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I get nervous whenever my ratio of success to effort gets too high. Flight: it’s not actually all that hard, or at least, I keep getting graded better than my peers at it. Principles of Aerodynamics was a downright trivial class. It didn’t even have any math! But over 16% of my classmates outright failed the test on their first attempt. At most these days, I take an hour or two a night to study, but that only happened twice this week. There are other people in my class who seem to be breezing through as easily as I do, but the majority are showing visible signs of of struggle.

I naturally think in terms of narrative. There is a logic to stories that I understand very deeply; perhaps more naturally even than, say, the rules of social interaction. For the past week or so, every time I think about flight school, giant neon signs have been flashing “HUBRIS ALERT” in my head. Any character who thinks about themself the way I have been, or worse, dares to vocalize such autocongratulatory thoughts, is just setting themselves up for failure later on.

It would seem silly to get worked up about this–there’s no logical reason to assume that my life will follow the dictates of story logic–except for the fact that the overarching goal I’ve worked toward since entering college was to live a life like that of the main character in a story I would want to read. So far, that’s been surprisingly easy to accomplish.

Today I read The Electric Kool-Aid Acid Test, which is a nonfiction work about Ken Kesey. The first reaction upon finishing the book is that it would be interesting one day to try LSD, but that’s to be expected. The important reaction was that this was also a man who saw the world in narrative terms: he got away with an astonishing amount of more-or-less-harmless illegality because he thought in terms of drawing the world into the story he wanted to tell instead of simply following the script the world gave him. In the end, the problem with changing the world is that you have to change all the people in it, and too many of them have agendas of their own to advance; it was a tale of hubris after all. His influence was nontrivial; he did manage to invent and spearhead the entire psychedelic movement, but a decade after he started, it had spiraled out of his control. His band of Merry Pranksters disbanded, and he never again accomplished anything of significance. His story was over, and he spent the rest of his life re-telling it.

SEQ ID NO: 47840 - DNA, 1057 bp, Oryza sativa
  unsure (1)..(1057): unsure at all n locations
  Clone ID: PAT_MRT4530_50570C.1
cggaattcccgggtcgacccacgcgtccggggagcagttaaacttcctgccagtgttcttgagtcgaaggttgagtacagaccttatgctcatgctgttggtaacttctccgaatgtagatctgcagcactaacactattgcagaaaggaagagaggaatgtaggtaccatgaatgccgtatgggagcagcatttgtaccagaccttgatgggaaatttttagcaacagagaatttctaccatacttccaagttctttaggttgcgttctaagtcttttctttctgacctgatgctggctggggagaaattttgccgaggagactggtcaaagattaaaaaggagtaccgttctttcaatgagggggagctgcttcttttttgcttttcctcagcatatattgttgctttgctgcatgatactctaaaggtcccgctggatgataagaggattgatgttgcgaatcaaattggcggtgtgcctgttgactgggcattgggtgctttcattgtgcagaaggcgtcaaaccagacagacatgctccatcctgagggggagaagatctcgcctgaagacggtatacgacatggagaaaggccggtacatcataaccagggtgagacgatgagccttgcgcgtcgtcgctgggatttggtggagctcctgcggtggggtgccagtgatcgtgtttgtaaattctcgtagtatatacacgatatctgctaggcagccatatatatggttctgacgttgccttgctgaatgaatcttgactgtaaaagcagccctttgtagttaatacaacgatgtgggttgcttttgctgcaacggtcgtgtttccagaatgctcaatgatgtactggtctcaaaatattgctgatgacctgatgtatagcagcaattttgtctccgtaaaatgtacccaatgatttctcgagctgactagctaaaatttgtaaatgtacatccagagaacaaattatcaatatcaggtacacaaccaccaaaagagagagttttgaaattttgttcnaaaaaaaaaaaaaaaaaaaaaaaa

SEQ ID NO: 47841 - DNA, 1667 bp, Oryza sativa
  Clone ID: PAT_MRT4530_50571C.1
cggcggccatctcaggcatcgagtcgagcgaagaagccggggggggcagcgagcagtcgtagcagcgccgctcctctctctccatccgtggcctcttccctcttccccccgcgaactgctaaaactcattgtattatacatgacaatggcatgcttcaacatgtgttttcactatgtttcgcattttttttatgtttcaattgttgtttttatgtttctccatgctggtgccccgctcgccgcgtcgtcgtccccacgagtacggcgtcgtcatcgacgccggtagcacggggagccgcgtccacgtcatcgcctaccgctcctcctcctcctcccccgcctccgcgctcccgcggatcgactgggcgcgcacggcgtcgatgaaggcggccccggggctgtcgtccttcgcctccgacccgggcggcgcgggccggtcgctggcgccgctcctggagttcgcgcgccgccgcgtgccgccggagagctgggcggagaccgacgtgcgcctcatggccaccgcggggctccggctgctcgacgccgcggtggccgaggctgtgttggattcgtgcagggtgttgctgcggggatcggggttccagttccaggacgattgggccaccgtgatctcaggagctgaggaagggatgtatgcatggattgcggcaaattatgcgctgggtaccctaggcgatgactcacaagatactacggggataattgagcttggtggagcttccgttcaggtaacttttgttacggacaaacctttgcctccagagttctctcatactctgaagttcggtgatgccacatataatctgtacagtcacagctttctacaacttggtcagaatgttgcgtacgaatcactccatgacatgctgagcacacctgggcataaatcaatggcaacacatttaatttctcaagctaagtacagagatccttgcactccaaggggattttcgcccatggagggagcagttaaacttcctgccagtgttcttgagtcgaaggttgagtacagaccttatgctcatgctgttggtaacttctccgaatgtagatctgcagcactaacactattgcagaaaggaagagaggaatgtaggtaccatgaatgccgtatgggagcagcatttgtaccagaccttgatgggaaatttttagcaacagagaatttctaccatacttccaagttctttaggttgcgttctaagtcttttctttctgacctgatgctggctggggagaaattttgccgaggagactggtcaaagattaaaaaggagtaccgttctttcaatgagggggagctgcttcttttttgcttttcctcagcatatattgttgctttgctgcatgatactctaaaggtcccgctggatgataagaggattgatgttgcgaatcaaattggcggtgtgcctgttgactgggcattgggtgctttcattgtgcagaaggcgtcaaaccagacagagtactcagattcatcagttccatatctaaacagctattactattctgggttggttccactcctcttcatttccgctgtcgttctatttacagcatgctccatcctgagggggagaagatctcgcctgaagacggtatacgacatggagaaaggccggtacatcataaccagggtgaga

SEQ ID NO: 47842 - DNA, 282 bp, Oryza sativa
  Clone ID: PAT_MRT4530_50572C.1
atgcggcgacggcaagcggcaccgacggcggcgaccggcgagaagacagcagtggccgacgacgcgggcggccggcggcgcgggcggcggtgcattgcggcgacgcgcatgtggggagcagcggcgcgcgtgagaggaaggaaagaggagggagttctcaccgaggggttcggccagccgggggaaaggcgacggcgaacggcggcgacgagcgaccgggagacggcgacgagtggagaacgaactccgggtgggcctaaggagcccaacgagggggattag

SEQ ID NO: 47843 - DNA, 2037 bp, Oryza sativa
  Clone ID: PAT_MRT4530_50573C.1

I see too many parallels between his own early exploits and my own situation to be entirely comfortable with the way the story ends. Then again, I don’t expect to try to change the world. It’s a good solution, if drab: mediocrity doesn’t sting unless you aspire to something greater. So long as I attempt only projects an order of magnitude smaller than his, I can achieve wild success at each of them without hitting the same sort of obstacles that eventually brought him down.

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Comment by anonymous
2008-02-16 07:42:32

The casual remark above about LSD is, to me, the most frightening thing you’ve said in a long time. Do you really want a classic story arc about potential greatness derailed into delusion and tumbling into cliched squalor? Come on, that’s hardly unexplored territory. Open any magazine. I thought you said you want a story you’d want to read.